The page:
It has been only five weeks since New York State legalized the use of recreational marijuana. The board that will oversee the rollout has yet to be appointed, let alone rules set for how licenses will be issued to cannabis businesses. The sale of legal pot in the state is still a year away. And, of course, marijuana remains illegal on the federal level.
But already the rush is on to get a piece of what could be a $4.2 billion industry in the Empire State.
Brokers are talking to landlords about leasing storefronts to dispensaries. Representatives of out-of-state cannabis businesses are flying in to scope out properties. And suppliers of medical marijuana are expanding in the hope that they will be able to branch into recreational sales.
Agricultural land upstate is now marketed as being “in the green zone” for hemp farming or the construction of grow houses for cultivating marijuana.
“It’s a land grab,” said Gregory Tannor, a principal at Lee & Associates NYC, a brokerage that has been conferring with New York City landlords since November and has already lined up nearly 200 possible locations for dispensaries.
But for all the excitement, there are significant challenges in cannabis real estate.
In some ways, what is happening in New York has already occurred in other states. California was the first to legalize medical use, in 1996; now 36 states allow it. With the signing of New York’s Marijuana Regulation and Taxation Act, 18 states have legalized recreational marijuana, although South Dakota’s law is being challenged in court.
But the Drug Enforcement Administration still classifies marijuana as a controlled substance. Banks are skittish about lending to cannabis businesses, constraining their ability to buy and hold real estate, although that may soon change.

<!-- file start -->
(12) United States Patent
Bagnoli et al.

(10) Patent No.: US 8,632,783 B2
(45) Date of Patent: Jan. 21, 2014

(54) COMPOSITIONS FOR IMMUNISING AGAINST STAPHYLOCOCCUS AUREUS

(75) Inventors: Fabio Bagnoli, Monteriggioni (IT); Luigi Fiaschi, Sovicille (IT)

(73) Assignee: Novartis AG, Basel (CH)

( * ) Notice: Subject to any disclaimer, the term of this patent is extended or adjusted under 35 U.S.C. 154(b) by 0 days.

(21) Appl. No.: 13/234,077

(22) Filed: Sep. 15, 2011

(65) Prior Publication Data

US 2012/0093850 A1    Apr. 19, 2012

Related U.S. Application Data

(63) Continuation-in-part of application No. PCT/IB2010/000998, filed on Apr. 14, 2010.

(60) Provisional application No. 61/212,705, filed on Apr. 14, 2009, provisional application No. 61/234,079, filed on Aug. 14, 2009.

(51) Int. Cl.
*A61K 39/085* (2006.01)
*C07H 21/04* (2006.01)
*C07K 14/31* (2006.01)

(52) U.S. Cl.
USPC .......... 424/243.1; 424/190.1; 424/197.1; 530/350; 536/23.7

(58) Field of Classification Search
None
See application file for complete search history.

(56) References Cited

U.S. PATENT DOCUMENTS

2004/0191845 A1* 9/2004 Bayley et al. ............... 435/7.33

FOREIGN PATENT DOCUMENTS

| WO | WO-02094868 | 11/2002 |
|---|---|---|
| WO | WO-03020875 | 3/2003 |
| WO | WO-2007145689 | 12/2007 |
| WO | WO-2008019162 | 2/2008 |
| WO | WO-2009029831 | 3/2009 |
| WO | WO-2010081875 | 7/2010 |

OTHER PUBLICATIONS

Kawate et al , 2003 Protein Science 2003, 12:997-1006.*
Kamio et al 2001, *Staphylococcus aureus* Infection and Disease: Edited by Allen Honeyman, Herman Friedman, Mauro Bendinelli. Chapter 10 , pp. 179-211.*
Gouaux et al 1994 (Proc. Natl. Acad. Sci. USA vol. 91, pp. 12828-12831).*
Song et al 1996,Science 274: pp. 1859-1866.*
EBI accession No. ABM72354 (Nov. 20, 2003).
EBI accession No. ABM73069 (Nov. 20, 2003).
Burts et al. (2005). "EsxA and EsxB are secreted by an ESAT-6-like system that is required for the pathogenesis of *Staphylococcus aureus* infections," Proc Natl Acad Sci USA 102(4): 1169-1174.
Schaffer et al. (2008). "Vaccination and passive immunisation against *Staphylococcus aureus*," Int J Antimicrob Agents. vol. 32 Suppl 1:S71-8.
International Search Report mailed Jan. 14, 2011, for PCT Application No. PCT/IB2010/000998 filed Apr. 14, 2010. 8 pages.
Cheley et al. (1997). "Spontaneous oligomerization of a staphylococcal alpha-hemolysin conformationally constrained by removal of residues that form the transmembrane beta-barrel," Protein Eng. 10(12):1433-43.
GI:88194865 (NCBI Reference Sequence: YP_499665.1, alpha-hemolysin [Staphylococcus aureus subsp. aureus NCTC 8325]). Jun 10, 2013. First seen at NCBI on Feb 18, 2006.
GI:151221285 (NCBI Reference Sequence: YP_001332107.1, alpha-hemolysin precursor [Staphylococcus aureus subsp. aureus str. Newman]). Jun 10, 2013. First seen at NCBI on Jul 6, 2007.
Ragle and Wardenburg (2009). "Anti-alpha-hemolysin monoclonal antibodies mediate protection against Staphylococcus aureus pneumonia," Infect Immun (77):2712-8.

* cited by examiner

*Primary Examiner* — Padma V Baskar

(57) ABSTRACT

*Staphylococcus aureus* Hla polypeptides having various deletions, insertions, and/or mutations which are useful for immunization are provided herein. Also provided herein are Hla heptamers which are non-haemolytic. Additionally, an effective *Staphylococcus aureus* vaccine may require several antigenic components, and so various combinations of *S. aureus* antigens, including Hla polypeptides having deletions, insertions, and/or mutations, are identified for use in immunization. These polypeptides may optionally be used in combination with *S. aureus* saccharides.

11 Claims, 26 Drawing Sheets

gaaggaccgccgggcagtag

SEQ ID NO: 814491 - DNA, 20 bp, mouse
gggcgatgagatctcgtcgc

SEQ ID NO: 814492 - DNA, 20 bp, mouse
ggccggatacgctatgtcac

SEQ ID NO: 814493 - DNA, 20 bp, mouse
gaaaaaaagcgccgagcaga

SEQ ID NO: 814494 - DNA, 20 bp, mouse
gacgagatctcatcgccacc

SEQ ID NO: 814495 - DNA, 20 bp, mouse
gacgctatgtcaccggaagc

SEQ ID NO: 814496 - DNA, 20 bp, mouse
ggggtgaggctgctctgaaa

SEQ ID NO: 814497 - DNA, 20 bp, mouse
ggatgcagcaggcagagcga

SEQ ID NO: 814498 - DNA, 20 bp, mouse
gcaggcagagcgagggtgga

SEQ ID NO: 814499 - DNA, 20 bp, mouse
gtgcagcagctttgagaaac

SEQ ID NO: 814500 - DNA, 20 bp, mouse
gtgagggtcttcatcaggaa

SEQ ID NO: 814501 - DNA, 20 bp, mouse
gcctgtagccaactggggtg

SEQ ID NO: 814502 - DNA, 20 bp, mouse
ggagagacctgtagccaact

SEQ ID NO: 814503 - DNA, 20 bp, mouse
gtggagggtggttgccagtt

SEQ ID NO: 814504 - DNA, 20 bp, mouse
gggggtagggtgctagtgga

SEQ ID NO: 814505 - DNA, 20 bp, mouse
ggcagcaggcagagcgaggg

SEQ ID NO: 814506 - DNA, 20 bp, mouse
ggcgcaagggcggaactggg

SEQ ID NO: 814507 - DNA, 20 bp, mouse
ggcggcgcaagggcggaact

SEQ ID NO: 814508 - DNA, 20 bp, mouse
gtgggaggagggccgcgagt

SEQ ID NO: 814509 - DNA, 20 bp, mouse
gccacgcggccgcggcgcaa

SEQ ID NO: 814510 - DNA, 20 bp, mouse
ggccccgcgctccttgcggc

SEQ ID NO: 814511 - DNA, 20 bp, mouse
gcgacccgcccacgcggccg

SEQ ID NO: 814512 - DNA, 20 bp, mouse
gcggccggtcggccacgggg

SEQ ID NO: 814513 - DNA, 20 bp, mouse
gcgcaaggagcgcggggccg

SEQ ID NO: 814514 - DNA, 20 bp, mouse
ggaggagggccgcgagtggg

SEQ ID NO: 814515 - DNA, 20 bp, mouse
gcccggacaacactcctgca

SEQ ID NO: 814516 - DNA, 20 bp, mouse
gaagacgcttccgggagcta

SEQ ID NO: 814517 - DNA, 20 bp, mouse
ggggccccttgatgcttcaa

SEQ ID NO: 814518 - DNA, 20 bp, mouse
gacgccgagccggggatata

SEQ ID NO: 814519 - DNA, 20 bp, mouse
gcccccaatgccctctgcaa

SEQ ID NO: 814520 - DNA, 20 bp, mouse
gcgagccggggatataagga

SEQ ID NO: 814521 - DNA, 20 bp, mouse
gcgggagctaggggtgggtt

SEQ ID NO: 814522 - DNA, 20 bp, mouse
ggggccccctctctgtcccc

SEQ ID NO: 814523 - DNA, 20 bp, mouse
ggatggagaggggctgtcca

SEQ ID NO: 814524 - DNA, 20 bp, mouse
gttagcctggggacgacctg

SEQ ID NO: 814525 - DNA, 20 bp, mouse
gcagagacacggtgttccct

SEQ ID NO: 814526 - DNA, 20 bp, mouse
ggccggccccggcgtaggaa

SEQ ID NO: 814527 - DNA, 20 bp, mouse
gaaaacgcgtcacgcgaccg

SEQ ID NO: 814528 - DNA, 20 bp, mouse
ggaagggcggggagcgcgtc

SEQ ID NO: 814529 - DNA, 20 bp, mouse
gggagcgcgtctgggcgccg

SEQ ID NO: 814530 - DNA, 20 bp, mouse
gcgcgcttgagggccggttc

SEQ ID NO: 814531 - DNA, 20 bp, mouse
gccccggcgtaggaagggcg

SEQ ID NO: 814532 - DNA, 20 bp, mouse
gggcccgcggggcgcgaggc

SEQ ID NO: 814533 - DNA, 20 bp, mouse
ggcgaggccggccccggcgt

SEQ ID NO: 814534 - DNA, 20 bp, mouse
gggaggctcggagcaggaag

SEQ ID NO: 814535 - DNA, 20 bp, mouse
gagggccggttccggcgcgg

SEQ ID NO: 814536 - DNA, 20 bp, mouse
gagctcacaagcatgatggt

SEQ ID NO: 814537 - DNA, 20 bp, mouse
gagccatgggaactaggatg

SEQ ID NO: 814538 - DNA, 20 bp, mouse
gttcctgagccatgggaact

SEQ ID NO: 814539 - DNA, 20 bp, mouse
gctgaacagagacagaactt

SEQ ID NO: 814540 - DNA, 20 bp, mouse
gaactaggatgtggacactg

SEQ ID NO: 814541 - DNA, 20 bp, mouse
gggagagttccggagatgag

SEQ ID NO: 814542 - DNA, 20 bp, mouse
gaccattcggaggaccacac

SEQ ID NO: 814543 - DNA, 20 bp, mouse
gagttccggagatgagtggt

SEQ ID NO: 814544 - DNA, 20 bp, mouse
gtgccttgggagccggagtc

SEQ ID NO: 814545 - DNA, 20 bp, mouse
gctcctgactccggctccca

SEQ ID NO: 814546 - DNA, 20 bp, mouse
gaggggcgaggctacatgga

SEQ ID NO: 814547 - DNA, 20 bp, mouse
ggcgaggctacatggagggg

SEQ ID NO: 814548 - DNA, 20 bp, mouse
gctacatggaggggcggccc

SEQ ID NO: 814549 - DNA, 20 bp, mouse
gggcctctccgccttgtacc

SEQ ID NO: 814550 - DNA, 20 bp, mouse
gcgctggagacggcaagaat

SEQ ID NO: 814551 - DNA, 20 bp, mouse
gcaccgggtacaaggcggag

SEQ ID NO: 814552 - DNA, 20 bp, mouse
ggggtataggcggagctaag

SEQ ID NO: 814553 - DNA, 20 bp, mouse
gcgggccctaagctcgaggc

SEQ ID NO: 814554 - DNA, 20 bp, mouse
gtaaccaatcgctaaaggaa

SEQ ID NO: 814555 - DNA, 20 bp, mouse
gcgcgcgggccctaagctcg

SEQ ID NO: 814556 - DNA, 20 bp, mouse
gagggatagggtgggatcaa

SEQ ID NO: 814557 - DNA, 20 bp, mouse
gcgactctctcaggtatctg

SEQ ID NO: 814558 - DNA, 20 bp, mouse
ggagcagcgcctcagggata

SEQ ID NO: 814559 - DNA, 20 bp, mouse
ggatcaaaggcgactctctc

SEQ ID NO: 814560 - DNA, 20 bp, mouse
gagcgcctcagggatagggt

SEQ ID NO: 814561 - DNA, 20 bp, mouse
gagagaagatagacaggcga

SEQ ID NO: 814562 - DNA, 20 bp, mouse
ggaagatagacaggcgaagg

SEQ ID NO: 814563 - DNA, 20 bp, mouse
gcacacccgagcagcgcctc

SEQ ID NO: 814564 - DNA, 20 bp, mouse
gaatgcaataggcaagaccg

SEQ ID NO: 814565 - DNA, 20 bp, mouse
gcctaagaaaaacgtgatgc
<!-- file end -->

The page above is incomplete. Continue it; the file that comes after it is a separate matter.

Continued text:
And many landlords won’t lease to cannabis companies, either because of the risk in having a tenant that violates federal laws or the unsavory reputation that still clings to weed. Those willing to do so have been able to charge premium rates.
Zoning also puts the squeeze on real estate available to cannabis companies, often relegating them to industrial areas. Municipalities require that a cannabis concern be a specified distance from schools, houses of worship and other cannabis businesses — if they allow it at all.
In New York State, cities, towns and villages have until Dec. 31 to opt out of the new law, prompting heated discussions among local officials, some of whom “can’t fathom the idea of the devil’s lettuce businesses within their borders,” said Neil M. Willner, co-chair of the cannabis practice at Royer Cooper Cohen Braunfeld, a New York City law firm.
But the pandemic may have softened the stance of some officials, given the jobs and tax revenue that cannabis businesses can generate after the protracted health crisis has decimated both. The state estimates that the new industry could bring it $350 million in annual revenue and create 30,000 to 60,000 jobs.
Meanwhile, funding is pouring into the industry in anticipation of possible federal legalization, some lenders will now do business with cannabis companies, and real estate investment trusts have sprung up to serve marijuana interests.
There could be 700 to 900 dispensaries in New York and four million square feet of space devoted to cultivation, said David Weinstein, chief executive of NewLake Capital Partners, a REIT formed last year.
In part because their access to capital has been limited until now, cannabis businesses have tended to lease, rather than own, real estate. A company may buy a property that meets all its needs, sell it to a REIT and then lease it back.
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But that may start to change, at least for the warehouses used for growing, processing and distribution. The National Association of Realtors said 29 percent of commercial members in states that legalized recreational marijuana had reported an increase in purchasing over leasing in the past year.
“Going forward, when banking becomes more normalized for us — when we have the opportunity to get real estate debt in the way traditional industries do — we would have a preference for owning real estate,” said Barrington Rutherford, senior vice president of real estate and community integration at Cresco Labs, a cannabis company with operations in several states.